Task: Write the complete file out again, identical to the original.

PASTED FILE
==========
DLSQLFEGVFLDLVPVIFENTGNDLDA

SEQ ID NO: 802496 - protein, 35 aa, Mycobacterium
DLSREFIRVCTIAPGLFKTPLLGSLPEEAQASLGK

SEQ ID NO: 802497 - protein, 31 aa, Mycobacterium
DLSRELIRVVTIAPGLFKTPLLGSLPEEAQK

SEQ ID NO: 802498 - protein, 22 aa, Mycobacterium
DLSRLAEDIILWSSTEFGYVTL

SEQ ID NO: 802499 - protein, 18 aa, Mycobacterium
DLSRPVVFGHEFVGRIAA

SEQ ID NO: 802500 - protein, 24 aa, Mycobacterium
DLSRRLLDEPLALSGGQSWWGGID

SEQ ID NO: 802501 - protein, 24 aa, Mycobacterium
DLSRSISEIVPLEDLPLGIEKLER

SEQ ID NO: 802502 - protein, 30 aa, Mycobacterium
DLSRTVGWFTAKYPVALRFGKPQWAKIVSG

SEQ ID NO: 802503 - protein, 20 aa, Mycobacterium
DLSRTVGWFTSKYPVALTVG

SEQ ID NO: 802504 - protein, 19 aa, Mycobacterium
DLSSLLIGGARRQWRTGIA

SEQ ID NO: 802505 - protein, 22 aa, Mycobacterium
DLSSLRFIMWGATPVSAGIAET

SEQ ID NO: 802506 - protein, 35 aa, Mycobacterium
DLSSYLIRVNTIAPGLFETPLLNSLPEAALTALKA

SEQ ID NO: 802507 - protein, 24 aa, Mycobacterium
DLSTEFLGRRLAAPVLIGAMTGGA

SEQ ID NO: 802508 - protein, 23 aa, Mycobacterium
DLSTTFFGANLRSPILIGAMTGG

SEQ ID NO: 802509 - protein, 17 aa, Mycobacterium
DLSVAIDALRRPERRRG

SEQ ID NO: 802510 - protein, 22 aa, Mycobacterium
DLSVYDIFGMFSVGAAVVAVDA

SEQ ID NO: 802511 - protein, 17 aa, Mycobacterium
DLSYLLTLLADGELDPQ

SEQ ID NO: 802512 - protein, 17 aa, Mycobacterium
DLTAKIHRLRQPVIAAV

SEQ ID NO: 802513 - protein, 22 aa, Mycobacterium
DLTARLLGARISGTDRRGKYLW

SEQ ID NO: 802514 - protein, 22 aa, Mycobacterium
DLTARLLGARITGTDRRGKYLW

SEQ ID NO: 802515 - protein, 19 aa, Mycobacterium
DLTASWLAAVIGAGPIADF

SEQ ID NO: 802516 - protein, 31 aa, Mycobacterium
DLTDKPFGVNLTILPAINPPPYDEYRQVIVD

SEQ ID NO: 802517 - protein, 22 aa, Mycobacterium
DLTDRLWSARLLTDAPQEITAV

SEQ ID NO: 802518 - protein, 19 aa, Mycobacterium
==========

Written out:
DLSQLFEGVFLDLVPVIFENTGNDLDA

SEQ ID NO: 802496 - protein, 35 aa, Mycobacterium
DLSREFIRVCTIAPGLFKTPLLGSLPEEAQASLGK

SEQ ID NO: 802497 - protein, 31 aa, Mycobacterium
DLSRELIRVVTIAPGLFKTPLLGSLPEEAQK

SEQ ID NO: 802498 - protein, 22 aa, Mycobacterium
DLSRLAEDIILWSSTEFGYVTL

SEQ ID NO: 802499 - protein, 18 aa, Mycobacterium
DLSRPVVFGHEFVGRIAA

SEQ ID NO: 802500 - protein, 24 aa, Mycobacterium
DLSRRLLDEPLALSGGQSWWGGID

SEQ ID NO: 802501 - protein, 24 aa, Mycobacterium
DLSRSISEIVPLEDLPLGIEKLER

SEQ ID NO: 802502 - protein, 30 aa, Mycobacterium
DLSRTVGWFTAKYPVALRFGKPQWAKIVSG

SEQ ID NO: 802503 - protein, 20 aa, Mycobacterium
DLSRTVGWFTSKYPVALTVG

SEQ ID NO: 802504 - protein, 19 aa, Mycobacterium
DLSSLLIGGARRQWRTGIA

SEQ ID NO: 802505 - protein, 22 aa, Mycobacterium
DLSSLRFIMWGATPVSAGIAET

SEQ ID NO: 802506 - protein, 35 aa, Mycobacterium
DLSSYLIRVNTIAPGLFETPLLNSLPEAALTALKA

SEQ ID NO: 802507 - protein, 24 aa, Mycobacterium
DLSTEFLGRRLAAPVLIGAMTGGA

SEQ ID NO: 802508 - protein, 23 aa, Mycobacterium
DLSTTFFGANLRSPILIGAMTGG

SEQ ID NO: 802509 - protein, 17 aa, Mycobacterium
DLSVAIDALRRPERRRG

SEQ ID NO: 802510 - protein, 22 aa, Mycobacterium
DLSVYDIFGMFSVGAAVVAVDA

SEQ ID NO: 802511 - protein, 17 aa, Mycobacterium
DLSYLLTLLADGELDPQ

SEQ ID NO: 802512 - protein, 17 aa, Mycobacterium
DLTAKIHRLRQPVIAAV

SEQ ID NO: 802513 - protein, 22 aa, Mycobacterium
DLTARLLGARISGTDRRGKYLW

SEQ ID NO: 802514 - protein, 22 aa, Mycobacterium
DLTARLLGARITGTDRRGKYLW

SEQ ID NO: 802515 - protein, 19 aa, Mycobacterium
DLTASWLAAVIGAGPIADF

SEQ ID NO: 802516 - protein, 31 aa, Mycobacterium
DLTDKPFGVNLTILPAINPPPYDEYRQVIVD

SEQ ID NO: 802517 - protein, 22 aa, Mycobacterium
DLTDRLWSARLLTDAPQEITAV

SEQ ID NO: 802518 - protein, 19 aa, Mycobacterium